Patient Fall Prevention Study: Literature Review

The purpose of the literature review is to provide a synthesis of recent scholarly studies focused on the identified research problem. Since the research question is concerned with the potential of various educational programs to reduce the incidence of patient falls, the review of literature will revolve around this topic. The analysis of pertinent scholarly articles indicates that the stated hypothesis is likely to be confirmed.

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The most typical directions of modern scholars in the dimension of patient fall prevention include exercises, gait balance training, and behavioral modifications. Articles by Canning et al. (2014b) and Gawler et al. (2016) dwell on the issue of exercise interventions for elderly patients prone to falling. Both of the studies emphasize the significance of regular exercising for elderly patients with a high risk of falls. However, the findings of the two articles open up different perspectives on the problem. Specifically, Gawler et al. (2016) have found that home- and group-based exercises can decrease patient falls by 42%. Meanwhile, Canning et al. (2014b), whose study is based on Parkinson’s disease patients, report that exercise intervention does not lead to a statistically significant change in patient fall ratio. However, both analyses agree that regular exercising can improve patients’ physical and psychological health.

Training on gait balance has also received sufficient attention from scholars. Hsieh et al. (2014) and Moncada and Mire (2017) investigate the importance of such interventions for elderly patients. Hsieh et al. (2014) suggest using a Kinect-based virtual reality system for promoting patients’ balance maintenance and reducing falls. The authors note that a statistically significant change has been reached with the use of such an intervention. Therefore, Hsieh et al. (2014) consider the use of virtual reality tools as a beneficial approach to eliminate patient falls. Meanwhile, Moncada and Mire (2017) also emphasize the need to support elderly people’s balance to reduce the likelihood of falls. However, the scholars remark that the application of only one method is not enough to gain the most beneficial outcomes. Hence, it is suggested that a multifactorial intervention including balance exercises, gait training, hypotension management, and other crucial factors should be introduced.

Finally, it is necessary to discuss the attention of scholars to behavioral modifications needed for elderly patients prone to falling. Canning, Paul, and Nieuwboer (2014a), Kim et al. (2015), and Moncada and Mire (2017) focus on this issue in their research studies. Canning et al. (2014a) note that behavioral interventions have the potential to increase patients’ physical activity. Kim et al. (2015) also find the behavioral approach rather productive in this respect. The scholars report that behavioral interventions help elderly patients to adjust to educational programs and make the necessary changes to the environment. Additionally, Kim et al. (2015) have found that behavioral learning helps to decrease patient falls. Moncada and Mire (2017) support the idea defended in Kim et al.’s (2015) study and state that behavioral modifications are highly advantageous for elderly people with a high risk of falls. Thus, all three articles support the idea of behavioral changes’ usefulness for such patients.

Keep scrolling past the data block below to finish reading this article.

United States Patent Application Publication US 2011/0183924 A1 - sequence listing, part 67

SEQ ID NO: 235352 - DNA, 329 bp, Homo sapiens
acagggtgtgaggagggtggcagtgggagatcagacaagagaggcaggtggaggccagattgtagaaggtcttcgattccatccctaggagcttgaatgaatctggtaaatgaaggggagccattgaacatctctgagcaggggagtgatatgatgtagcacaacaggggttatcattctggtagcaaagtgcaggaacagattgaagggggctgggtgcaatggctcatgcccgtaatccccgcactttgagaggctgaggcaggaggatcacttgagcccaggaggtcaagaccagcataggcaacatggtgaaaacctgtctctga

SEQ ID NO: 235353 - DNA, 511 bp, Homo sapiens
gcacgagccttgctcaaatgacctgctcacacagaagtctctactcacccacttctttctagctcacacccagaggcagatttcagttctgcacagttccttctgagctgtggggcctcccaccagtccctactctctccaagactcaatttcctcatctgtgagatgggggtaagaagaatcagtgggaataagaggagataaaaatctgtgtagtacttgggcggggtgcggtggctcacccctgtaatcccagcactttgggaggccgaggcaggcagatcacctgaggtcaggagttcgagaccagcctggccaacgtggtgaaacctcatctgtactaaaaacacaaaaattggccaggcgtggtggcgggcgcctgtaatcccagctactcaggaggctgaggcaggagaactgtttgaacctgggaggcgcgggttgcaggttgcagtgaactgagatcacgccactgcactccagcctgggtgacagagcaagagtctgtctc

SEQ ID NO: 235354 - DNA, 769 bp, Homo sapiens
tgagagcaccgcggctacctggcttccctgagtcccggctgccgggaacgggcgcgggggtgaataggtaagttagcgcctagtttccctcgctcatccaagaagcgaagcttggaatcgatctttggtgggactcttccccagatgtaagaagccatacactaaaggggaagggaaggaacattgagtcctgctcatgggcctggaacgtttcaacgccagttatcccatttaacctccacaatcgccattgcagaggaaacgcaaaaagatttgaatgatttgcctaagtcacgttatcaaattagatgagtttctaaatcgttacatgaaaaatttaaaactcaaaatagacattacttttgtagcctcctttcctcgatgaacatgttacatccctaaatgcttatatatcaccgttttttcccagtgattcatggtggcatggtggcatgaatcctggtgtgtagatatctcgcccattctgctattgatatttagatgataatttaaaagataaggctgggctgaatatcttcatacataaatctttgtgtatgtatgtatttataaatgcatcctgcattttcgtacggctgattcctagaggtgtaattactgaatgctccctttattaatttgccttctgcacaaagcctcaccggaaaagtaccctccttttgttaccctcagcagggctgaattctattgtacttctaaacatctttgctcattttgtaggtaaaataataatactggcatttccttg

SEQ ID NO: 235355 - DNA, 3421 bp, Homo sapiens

A review of relevant literature on the research topic allowed identifying several trends in scholars’ views on patient fall prevention. All of the studies under analysis consider it beneficial to implement behavioral changes and encourage patients to exercise to reduce the likelihood of falling. However, since some findings are contradictory, it is necessary to continue research in this field to obtain the most reliable results.

References

Canning, C. G., Paul, S. S., & Nieuwboer, A. (2014a). Prevention of falls in Parkinson’s disease: A review of fall risk factors and the role of physical interventions. Neurodegenerative Disease Management, 4(3), 203-221.

Canning, C. G., Sherrington, C., Lord, S. R., Close, J. C. T., Heritier, S., Heller, G. Z., … Fung, V. S. C. (2014b). Exercise for falls prevention in Parkinson disease: A randomized controlled trial. Neurology, 84(3), 304-312.

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Gawler, S., Skelton, D. A., Dinan-Young, S., Masud, T., Morris, R. W., Griffin, M., … Iliffe, S. (2016). Reducing falls among older people in general practice: The ProAct65+ exercise intervention trial. Archives of Gerontology and Geriatrics, 67, 46-54.

Hsieh, W. M., Chen, C. C., Wang, S. C., Tan, S. Y., Hwang, Y. S., Chen, S. C., … Chen, Y. L. (2014). Virtual reality system based on Kinect for the elderly in fall prevention. Technology and Healthcare: Official Journal of the European Society for Engineering and Medicine, 22(1), 27-36.

Kim, E. J., Arai, H., Chan, P., Chen, L.-K., D. Hill, K., Kong, B., … Won, C. W. (2015). Strategies on fall prevention for older people living in the community: A report from a round-table meeting in IAGG 2013. Journal of Clinical Gerontology and Geriatrics, 6(2), 39-44.

Moncada, L. V. V., & Mire, G. (2017). Preventing falls in older persons. American Family Physician, 96(4), 240-247.

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StudyCorgi. (2021, July 10). Patient Fall Prevention Study: Literature Review. Retrieved from https://studycorgi.com/patient-fall-prevention-study-literature-review/

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StudyCorgi. "Patient Fall Prevention Study: Literature Review." July 10, 2021. https://studycorgi.com/patient-fall-prevention-study-literature-review/.

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StudyCorgi. (2021) 'Patient Fall Prevention Study: Literature Review'. 10 July.

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